The woman lay in my arms, crying softly, wiping the tears with the sheet of her bed, and I knew better than to speak. Her son was ten and had boarded a bus for summer camp earlier in the day and his mother was inconsolable. She got up, walked to the window, her body framed by moonlight and darkness, and I remember vividly her silhouette.
“This is the first time in his life I have no idea where he is. I don’t know the town he’s in, I have no idea if he’s hungry or cold or sleeping, or if he’s snuck out of the cabin with some kid he just met and walking around in the woods. I have no idea where he is,” she said in a whisper.
I got up and put my arms around her and said nothing.
“It’s started like this, you know, one day I let some guy I met be intimate with me, we fell in love, and I got pregnant. I had a son, and now, ten years later, that kid is out there, somewhere, maybe not even missing me, and it’s like the first kiss, it’s going to lead to other things. In five years he’ll be driving, in eight he’ll go off to college or join the military, but right now, at this very moment, it’s beginning. It’s ending for me, to have him around,” the sound was nearly inaudible.
“I so needed some time, to feel loved, to be loved beyond my function was a mom, I so wanted to experience life without a kid around, you know, for a few days, but one day it’s going to be like this for months at a time, maybe even years, and right now I can feel the distance, I can taste it my mouth, I can smell it,” her voice was low but emphatic.
“If you got me pregnant tonight I would be happy, I would rejoice that I could stay in motherhood longer, but eventually, it has to end, I have to define myself in other ways, just like my son is doing right now. He’s left the orbit, he’s out there doing kid things with kids, and right now he’s tasting what it’s like to be away from home. He’s going to want more. He’s going to crave adventure, and I know, don’t fucking say it, I know I have to allow it, but it’s been such a short ten years, so little time, just a blink of an eye, and now I can see that in another ten I might be a grandmother, and he’ll be a father maybe, but there’s nothing that seems longer than having kids until you wake up one day and realize they’re going to leave,” she turned and grabbed me, hugging me tighter than I could stand almost.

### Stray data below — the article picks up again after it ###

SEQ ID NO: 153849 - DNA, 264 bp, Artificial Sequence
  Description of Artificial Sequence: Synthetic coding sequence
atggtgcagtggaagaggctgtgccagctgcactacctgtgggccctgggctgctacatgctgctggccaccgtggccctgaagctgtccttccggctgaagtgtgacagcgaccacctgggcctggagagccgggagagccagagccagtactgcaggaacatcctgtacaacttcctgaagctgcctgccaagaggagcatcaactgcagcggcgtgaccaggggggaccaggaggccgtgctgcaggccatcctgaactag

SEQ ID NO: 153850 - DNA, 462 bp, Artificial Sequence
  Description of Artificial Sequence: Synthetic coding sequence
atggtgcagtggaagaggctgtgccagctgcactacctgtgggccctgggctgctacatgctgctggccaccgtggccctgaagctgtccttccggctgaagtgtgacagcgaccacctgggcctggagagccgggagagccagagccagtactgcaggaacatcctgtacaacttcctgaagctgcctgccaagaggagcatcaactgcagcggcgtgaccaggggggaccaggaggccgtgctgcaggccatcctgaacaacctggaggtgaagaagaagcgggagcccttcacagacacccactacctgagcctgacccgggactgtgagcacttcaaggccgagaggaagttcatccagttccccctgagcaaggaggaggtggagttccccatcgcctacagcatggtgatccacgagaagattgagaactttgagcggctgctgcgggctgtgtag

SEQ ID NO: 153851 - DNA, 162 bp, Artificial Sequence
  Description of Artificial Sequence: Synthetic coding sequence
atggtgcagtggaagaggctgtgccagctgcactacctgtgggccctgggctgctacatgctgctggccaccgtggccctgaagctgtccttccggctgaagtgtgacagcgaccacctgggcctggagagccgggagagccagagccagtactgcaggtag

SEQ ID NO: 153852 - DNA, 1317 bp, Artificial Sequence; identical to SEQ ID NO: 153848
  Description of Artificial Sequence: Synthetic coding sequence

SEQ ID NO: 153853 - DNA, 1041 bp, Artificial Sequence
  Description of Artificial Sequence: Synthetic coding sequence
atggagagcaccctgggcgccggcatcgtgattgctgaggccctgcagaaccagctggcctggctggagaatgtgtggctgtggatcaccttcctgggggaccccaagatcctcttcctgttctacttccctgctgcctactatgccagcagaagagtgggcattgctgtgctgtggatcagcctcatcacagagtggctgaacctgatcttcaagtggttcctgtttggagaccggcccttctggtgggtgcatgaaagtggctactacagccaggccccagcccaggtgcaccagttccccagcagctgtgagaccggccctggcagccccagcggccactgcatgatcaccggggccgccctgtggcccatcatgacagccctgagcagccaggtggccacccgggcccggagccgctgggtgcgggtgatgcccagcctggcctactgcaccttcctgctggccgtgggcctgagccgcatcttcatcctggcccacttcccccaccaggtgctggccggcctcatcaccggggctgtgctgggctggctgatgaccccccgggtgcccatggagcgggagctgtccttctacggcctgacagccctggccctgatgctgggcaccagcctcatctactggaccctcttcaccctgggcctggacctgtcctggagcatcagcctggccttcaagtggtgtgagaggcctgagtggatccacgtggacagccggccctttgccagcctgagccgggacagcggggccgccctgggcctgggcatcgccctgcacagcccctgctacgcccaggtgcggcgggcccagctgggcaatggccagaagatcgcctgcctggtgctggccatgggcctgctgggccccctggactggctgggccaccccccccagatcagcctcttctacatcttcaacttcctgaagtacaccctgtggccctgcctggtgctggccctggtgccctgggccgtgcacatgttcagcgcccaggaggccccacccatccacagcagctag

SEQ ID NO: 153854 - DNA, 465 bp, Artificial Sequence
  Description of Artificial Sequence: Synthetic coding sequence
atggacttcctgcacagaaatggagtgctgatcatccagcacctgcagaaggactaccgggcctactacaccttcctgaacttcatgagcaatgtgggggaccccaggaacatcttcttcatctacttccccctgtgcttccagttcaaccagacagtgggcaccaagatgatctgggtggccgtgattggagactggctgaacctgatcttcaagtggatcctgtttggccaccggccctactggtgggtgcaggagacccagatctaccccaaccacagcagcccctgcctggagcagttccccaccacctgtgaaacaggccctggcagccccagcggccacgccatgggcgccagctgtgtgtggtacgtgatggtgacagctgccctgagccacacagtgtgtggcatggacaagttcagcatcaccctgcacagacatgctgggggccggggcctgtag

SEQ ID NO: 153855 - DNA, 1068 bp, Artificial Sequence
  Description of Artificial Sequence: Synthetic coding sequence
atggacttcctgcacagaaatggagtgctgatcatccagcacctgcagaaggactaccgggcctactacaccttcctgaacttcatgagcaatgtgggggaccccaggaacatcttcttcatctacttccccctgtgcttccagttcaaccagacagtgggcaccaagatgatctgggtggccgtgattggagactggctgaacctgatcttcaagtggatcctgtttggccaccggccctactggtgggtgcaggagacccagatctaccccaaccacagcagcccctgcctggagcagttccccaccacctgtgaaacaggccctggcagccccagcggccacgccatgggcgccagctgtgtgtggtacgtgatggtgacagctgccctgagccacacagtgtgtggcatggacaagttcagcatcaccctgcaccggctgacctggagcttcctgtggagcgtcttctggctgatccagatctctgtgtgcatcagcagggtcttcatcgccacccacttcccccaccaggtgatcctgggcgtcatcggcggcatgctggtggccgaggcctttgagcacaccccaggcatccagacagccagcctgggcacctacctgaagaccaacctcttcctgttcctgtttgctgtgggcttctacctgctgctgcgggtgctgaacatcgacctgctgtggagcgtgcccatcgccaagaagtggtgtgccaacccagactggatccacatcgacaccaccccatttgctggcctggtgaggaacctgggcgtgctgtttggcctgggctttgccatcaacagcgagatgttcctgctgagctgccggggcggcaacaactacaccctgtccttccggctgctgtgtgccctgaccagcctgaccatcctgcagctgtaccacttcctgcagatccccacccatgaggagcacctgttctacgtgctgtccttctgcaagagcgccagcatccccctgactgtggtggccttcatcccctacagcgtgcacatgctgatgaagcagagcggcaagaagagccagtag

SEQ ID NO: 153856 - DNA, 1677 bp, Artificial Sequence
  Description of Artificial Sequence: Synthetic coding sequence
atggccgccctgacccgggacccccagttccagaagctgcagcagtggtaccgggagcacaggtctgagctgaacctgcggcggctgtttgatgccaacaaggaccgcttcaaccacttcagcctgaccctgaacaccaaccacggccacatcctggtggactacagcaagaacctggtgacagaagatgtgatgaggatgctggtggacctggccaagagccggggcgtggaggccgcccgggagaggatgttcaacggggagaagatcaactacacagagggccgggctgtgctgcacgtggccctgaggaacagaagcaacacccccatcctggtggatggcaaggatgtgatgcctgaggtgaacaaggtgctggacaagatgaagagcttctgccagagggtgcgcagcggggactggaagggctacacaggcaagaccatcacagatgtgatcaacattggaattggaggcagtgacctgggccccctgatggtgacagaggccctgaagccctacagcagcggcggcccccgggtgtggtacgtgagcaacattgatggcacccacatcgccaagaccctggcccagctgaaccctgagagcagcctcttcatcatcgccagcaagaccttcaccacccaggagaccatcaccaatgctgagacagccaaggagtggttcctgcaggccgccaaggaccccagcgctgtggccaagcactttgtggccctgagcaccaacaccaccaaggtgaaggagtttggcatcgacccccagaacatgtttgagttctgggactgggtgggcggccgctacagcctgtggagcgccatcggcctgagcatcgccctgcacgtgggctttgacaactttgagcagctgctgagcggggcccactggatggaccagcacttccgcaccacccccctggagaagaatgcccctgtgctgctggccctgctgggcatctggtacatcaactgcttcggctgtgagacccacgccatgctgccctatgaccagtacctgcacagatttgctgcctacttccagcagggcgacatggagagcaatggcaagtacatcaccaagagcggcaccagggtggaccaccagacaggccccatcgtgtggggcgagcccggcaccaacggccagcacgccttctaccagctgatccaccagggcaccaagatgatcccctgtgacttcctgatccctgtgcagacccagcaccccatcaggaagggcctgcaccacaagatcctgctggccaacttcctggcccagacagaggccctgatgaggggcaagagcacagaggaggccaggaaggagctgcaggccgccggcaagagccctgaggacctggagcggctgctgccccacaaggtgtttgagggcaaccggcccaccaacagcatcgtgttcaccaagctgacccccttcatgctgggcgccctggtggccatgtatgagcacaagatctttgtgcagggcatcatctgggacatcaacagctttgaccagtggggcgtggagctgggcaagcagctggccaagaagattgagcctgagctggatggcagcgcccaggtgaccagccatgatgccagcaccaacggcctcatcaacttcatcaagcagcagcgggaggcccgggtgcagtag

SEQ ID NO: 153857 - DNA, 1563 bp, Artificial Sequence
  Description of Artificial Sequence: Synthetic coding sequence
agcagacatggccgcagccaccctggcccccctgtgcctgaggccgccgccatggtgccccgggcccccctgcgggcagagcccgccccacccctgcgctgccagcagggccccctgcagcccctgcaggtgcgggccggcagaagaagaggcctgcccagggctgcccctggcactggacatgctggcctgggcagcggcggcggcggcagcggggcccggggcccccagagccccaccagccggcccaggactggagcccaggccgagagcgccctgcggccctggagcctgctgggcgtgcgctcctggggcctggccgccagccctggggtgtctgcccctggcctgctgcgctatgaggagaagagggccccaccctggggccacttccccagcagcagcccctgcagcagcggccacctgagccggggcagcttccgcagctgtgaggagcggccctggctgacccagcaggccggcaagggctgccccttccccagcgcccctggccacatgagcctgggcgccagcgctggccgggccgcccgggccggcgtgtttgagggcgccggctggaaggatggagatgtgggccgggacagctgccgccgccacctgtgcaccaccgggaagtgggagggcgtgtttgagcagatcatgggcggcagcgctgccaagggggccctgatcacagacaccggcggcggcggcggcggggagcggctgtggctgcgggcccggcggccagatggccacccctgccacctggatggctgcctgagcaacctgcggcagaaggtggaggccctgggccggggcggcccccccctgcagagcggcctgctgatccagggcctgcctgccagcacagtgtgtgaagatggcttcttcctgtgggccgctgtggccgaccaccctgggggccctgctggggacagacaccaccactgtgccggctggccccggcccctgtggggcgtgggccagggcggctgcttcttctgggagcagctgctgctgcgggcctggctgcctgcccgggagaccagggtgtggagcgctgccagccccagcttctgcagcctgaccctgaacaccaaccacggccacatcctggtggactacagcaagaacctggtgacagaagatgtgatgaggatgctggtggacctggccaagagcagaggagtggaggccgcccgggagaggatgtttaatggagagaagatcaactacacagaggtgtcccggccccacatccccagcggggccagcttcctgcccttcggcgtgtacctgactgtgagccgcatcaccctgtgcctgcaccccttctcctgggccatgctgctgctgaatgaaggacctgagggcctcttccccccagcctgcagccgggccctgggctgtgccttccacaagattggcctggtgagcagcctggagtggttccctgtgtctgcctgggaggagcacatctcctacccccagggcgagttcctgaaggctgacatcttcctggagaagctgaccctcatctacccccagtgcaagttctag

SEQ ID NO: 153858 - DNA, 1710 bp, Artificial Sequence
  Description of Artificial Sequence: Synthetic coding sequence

The dream last night was me in an open office, with many work stations, and the mood in the office was one of scandal. Someone had sworn they were not somewhere, and there was a video of this person there, and we were all watching the video in a widescreen in the office.
There were fragments in the dream, of the aircraft carrier “Lexington” being launched into space.
Another fragment someone was talking about “Sheriff Tate”.
Yet another involved me turning down someone’s music from my work station, using a mouse.